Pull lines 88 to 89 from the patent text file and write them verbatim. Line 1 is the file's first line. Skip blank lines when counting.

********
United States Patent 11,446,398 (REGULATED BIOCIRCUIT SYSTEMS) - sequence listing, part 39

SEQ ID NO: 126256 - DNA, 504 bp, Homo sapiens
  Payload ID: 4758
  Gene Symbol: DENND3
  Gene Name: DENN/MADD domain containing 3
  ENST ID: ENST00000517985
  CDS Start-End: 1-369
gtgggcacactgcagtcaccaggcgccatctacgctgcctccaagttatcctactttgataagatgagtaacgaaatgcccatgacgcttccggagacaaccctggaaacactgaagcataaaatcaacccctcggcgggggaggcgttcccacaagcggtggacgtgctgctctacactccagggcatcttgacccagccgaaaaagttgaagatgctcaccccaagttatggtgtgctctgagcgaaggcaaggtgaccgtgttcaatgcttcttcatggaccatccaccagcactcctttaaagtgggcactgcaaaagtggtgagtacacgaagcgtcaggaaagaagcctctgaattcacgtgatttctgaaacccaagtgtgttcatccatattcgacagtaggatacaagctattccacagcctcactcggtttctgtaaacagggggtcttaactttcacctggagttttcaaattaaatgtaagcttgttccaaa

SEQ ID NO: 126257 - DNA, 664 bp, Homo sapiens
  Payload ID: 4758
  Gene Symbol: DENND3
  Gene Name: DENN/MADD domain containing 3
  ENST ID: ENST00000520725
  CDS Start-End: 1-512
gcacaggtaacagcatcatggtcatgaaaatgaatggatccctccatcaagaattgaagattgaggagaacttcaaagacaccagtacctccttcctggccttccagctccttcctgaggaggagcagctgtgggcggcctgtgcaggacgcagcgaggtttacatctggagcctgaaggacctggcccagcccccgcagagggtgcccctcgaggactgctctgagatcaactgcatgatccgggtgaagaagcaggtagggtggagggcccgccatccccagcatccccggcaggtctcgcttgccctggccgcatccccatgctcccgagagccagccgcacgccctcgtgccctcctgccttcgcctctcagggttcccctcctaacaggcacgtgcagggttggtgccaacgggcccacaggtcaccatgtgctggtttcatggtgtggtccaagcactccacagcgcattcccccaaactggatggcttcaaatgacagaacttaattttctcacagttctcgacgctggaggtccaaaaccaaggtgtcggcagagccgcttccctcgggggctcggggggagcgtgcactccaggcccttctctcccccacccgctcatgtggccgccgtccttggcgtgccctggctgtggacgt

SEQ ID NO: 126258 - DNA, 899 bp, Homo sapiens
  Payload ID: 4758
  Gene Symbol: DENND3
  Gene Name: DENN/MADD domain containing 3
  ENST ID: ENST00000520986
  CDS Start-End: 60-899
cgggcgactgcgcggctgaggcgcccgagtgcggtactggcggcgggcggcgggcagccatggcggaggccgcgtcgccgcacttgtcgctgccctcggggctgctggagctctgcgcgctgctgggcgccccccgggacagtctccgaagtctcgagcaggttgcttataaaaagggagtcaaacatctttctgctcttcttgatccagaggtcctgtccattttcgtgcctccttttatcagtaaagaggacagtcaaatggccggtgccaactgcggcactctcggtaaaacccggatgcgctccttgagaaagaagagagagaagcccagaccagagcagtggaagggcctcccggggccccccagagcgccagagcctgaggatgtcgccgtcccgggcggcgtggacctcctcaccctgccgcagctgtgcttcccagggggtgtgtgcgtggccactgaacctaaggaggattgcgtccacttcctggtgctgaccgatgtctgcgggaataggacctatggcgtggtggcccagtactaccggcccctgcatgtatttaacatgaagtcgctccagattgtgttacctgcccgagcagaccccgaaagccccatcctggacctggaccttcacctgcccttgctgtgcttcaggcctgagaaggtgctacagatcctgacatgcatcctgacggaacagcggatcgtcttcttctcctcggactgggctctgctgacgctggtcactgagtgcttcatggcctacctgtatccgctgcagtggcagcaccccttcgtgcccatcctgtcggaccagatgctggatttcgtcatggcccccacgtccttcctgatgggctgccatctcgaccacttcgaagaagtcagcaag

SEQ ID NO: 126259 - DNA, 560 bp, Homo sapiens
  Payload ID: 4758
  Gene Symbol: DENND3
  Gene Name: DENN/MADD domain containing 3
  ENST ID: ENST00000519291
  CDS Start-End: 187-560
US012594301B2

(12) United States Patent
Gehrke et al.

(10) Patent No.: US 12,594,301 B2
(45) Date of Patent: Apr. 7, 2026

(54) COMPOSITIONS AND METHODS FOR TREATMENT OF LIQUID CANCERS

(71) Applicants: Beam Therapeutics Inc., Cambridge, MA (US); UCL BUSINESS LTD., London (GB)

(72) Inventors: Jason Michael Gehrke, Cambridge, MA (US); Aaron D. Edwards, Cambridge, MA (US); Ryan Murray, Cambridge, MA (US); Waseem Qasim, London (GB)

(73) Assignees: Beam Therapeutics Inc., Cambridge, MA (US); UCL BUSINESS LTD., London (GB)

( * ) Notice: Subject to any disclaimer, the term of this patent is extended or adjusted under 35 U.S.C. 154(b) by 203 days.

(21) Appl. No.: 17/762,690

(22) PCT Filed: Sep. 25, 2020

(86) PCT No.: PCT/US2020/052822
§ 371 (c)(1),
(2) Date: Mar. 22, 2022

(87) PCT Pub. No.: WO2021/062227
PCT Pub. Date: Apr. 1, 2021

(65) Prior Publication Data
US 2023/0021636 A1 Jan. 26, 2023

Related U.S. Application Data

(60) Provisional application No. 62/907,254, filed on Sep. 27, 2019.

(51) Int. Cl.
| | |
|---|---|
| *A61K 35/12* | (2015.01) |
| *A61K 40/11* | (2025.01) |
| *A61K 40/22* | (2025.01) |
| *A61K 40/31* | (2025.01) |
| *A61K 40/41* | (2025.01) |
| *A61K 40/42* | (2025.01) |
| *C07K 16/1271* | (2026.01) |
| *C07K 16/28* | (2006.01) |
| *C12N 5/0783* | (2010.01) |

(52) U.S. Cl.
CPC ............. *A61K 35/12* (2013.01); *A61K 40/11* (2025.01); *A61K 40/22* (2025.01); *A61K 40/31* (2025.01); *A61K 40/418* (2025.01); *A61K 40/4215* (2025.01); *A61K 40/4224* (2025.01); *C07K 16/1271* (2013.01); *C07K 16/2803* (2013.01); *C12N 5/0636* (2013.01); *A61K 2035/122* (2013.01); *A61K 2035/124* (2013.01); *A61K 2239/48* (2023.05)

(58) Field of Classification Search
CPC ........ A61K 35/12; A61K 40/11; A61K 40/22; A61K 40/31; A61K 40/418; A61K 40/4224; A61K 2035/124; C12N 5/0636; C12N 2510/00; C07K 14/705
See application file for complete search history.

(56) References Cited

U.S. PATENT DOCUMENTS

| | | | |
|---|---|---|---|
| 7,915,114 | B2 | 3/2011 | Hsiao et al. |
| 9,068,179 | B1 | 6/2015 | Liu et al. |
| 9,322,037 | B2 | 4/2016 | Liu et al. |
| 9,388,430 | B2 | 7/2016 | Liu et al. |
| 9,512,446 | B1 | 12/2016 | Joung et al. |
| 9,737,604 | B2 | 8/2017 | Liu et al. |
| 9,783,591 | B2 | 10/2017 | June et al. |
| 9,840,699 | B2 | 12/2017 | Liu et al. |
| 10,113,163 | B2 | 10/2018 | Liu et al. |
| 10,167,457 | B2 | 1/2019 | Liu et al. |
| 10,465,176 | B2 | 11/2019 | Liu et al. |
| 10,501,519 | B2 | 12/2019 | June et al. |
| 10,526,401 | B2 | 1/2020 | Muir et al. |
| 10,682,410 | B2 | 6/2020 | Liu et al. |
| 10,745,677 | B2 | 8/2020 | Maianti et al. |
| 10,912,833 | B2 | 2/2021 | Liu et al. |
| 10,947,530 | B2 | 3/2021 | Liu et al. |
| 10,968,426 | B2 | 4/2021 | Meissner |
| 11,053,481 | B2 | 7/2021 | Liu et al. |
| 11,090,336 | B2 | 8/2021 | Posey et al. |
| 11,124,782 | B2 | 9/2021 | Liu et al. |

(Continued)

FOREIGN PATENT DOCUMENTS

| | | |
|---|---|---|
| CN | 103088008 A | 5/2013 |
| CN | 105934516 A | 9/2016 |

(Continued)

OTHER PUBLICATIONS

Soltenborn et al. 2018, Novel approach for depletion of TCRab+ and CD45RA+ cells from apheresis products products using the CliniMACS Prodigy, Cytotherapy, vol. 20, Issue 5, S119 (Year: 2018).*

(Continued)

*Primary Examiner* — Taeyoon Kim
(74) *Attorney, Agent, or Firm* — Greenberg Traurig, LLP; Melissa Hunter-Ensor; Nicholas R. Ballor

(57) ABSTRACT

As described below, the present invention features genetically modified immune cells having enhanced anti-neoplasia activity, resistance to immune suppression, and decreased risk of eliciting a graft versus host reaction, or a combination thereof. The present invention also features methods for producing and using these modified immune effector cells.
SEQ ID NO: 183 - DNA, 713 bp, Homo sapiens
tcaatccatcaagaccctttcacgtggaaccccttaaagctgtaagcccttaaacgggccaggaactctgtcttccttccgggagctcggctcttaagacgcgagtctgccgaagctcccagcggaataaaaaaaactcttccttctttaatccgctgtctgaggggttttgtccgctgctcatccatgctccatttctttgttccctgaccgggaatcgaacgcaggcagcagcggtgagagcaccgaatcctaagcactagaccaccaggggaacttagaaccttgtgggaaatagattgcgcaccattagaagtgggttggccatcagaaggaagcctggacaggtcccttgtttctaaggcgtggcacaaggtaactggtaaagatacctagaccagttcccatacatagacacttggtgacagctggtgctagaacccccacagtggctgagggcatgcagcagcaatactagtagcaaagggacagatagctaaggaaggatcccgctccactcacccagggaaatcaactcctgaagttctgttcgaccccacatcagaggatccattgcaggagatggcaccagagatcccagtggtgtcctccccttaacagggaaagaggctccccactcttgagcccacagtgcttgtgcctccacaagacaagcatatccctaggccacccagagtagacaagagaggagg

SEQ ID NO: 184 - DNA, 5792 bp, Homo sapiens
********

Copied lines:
| 10,968,426 | B2 | 4/2021 | Meissner |
| 11,053,481 | B2 | 7/2021 | Liu et al. |